Jeep Partnership Drives Livin’ Lite’s Expansion
Livin’ Lite Corp., maker of ultra lightweight recreational vehicles, announced Tuesday (June 1) it will expand its operations in Wakarusa, ind., creating up to 25 new jobs by 2011.
The company, which manufactures aluminum and composite-built recreational vehicles, will invest $750,000 to expand its existing 35,000 square-foot headquarters to accommodate production of a 1,000-pound camping trailer designed exclusively for Chrysler Jeep vehicles, according to a news release.
“Indiana’s RV producers, old and new, are developing and implementing technologies in their products that are revolutionizing the industry and creating opportunities for our workers,” said Mitch Roob, secretary of commerce and CEO of the Indiana Economic Development Corp. (IEDC)
Founded in 2002, Livin’ Lite has developed more than a dozen different models of specialty automotive campers that can sleep up to six and be towed by passenger cars, minivans and motorcycles. The company will begin hiring production associates in June to coincide with the start of production for the Jeep trailers.
“With more and more consumers trading in their larger vehicles for smaller, more fuel-efficient vehicles, the demand for ultra lightweight campers continues to increase,” said Scott Tuttle, president of Livin’ Lite. “Our all-aluminum and composite campers are a great fit for this next generation of automobiles as they are both ultra lightweight and will stand the test of time. Orders for each of our unique product lines are up, and with the new Jeep project coming later this month, we needed to expand our facilities to accommodate the growth.”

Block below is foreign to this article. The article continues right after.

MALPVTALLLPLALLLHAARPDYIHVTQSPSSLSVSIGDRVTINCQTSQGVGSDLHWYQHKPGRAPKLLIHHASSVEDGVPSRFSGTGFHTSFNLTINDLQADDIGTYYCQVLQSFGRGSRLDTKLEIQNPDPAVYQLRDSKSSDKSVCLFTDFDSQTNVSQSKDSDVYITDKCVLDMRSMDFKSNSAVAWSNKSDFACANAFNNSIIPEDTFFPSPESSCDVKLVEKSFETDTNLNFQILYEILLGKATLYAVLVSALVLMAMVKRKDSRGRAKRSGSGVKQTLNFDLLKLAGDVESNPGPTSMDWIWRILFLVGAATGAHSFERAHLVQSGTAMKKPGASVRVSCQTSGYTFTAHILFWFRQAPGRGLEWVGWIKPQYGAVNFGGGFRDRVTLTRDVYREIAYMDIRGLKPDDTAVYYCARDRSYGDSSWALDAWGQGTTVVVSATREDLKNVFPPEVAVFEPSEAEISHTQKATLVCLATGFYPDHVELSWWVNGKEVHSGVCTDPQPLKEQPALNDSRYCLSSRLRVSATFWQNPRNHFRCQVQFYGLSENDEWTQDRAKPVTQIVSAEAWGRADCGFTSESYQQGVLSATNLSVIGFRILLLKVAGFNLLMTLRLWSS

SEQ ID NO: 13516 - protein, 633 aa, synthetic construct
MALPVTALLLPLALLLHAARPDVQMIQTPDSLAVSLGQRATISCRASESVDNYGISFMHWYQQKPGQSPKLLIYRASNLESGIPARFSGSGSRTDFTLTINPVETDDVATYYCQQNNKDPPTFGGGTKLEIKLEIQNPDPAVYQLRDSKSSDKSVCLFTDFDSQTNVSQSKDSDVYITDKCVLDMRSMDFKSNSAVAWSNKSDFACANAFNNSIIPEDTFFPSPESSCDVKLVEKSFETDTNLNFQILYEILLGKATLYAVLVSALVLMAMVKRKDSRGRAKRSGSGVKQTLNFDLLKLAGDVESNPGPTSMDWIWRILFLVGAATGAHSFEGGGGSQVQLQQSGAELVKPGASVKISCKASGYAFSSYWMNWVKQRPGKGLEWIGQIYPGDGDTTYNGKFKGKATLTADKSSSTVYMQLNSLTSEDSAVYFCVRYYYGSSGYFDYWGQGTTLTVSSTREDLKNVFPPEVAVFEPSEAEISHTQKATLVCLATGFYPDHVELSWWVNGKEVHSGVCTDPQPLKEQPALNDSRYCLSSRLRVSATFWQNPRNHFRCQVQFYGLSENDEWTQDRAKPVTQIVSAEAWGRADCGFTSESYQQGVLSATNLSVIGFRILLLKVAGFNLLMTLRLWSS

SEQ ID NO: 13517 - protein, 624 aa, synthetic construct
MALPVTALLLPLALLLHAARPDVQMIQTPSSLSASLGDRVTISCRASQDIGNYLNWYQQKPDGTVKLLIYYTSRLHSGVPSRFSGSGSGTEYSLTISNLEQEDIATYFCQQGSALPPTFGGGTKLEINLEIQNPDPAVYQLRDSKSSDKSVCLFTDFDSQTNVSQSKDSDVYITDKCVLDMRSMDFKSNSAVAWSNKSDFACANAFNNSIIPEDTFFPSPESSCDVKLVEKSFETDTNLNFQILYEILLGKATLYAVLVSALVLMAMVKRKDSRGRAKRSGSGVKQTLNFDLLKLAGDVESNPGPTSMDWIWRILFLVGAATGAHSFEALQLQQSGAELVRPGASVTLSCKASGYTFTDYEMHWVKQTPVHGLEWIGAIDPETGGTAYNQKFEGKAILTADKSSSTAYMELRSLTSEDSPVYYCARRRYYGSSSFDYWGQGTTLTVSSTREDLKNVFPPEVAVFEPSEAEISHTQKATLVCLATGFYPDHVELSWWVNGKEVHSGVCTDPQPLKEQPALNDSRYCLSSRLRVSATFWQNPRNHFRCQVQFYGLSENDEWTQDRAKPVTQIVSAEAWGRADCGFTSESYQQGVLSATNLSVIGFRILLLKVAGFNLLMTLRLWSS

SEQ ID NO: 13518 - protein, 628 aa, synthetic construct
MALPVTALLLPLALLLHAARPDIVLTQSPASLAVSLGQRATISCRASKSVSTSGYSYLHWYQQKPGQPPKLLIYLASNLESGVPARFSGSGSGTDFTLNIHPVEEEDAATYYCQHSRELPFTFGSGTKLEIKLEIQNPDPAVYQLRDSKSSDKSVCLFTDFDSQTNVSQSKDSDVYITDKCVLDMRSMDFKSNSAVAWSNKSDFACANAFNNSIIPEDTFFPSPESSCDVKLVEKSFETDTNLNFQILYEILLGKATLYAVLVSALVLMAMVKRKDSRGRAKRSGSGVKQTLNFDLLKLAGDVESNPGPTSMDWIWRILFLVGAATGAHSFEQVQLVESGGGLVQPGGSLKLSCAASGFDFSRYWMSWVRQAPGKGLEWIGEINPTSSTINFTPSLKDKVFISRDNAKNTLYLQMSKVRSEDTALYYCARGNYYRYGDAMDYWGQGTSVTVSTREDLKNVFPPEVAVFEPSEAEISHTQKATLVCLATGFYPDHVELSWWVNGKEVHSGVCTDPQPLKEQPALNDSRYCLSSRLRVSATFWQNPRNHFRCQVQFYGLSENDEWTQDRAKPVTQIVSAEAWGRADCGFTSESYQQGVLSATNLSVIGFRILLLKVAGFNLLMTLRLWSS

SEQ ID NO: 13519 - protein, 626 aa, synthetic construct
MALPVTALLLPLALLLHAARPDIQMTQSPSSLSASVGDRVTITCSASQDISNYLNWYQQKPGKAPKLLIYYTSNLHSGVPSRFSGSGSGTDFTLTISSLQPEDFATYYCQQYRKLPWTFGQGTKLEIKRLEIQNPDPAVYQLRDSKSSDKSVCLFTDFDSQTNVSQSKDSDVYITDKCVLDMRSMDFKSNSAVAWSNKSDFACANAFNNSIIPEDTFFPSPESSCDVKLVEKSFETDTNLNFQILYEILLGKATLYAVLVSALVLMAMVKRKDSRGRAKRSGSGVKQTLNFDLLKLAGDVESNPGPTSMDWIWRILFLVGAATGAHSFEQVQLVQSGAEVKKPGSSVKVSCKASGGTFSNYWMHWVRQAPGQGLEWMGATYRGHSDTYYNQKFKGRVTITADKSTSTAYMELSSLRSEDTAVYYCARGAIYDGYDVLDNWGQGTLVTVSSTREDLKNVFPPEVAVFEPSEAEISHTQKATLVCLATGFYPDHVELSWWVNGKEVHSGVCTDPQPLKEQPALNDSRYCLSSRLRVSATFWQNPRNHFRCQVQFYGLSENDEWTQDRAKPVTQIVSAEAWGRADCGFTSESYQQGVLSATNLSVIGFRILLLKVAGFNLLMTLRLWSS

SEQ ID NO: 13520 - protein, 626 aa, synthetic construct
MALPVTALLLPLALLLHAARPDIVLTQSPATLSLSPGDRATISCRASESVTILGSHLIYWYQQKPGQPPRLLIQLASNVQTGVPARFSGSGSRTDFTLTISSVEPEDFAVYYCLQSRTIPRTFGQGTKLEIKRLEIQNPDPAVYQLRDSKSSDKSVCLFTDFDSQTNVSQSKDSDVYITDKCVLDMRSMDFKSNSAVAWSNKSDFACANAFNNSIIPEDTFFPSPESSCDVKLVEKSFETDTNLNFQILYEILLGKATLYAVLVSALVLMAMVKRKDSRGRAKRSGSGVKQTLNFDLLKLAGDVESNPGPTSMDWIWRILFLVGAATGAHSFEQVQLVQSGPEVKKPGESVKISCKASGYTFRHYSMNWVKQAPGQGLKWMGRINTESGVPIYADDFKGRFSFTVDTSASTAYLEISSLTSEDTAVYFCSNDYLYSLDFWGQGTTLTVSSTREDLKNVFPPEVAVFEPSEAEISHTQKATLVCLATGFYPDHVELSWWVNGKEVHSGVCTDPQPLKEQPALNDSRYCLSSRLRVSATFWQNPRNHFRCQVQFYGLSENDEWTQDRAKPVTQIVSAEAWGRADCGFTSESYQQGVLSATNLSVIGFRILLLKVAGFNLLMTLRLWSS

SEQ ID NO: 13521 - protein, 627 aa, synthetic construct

In 2009, Livin’ Lite was selected by the IEDC and its Small Business Development Center network as one of the “50 Indiana Companies to Watch.” The accolade, presented in partnership with Purdue University and the Edward Lowe Foundation, recognizes the state’s privately held businesses that employ up to 150 employees and have between $750,000 and $100 million in annual revenue or working capital.
“There was some pressure to move this project closer to Detroit, but Wakarusa is my hometown and I preferred to cultivate the jobs here,” Tuttle added. “The tax incentive from the state is very much appreciated and I hope that we can do our part by continuing to grow this business and provide quality jobs here in Elkhart County.”
The IEDC offered Livin’ Lite Corp. up to $150,000 in performance-based tax credits. The town of Wakarusa has approved additional property tax abatement at the request of the Economic Development Corp. of Elkhart County.
“In a community where there has been a loss of jobs, Livin’ Lite’s promise of 25 new jobs is great news and we couldn’t be more pleased,” said Tom Roeder, Wakarusa town manager.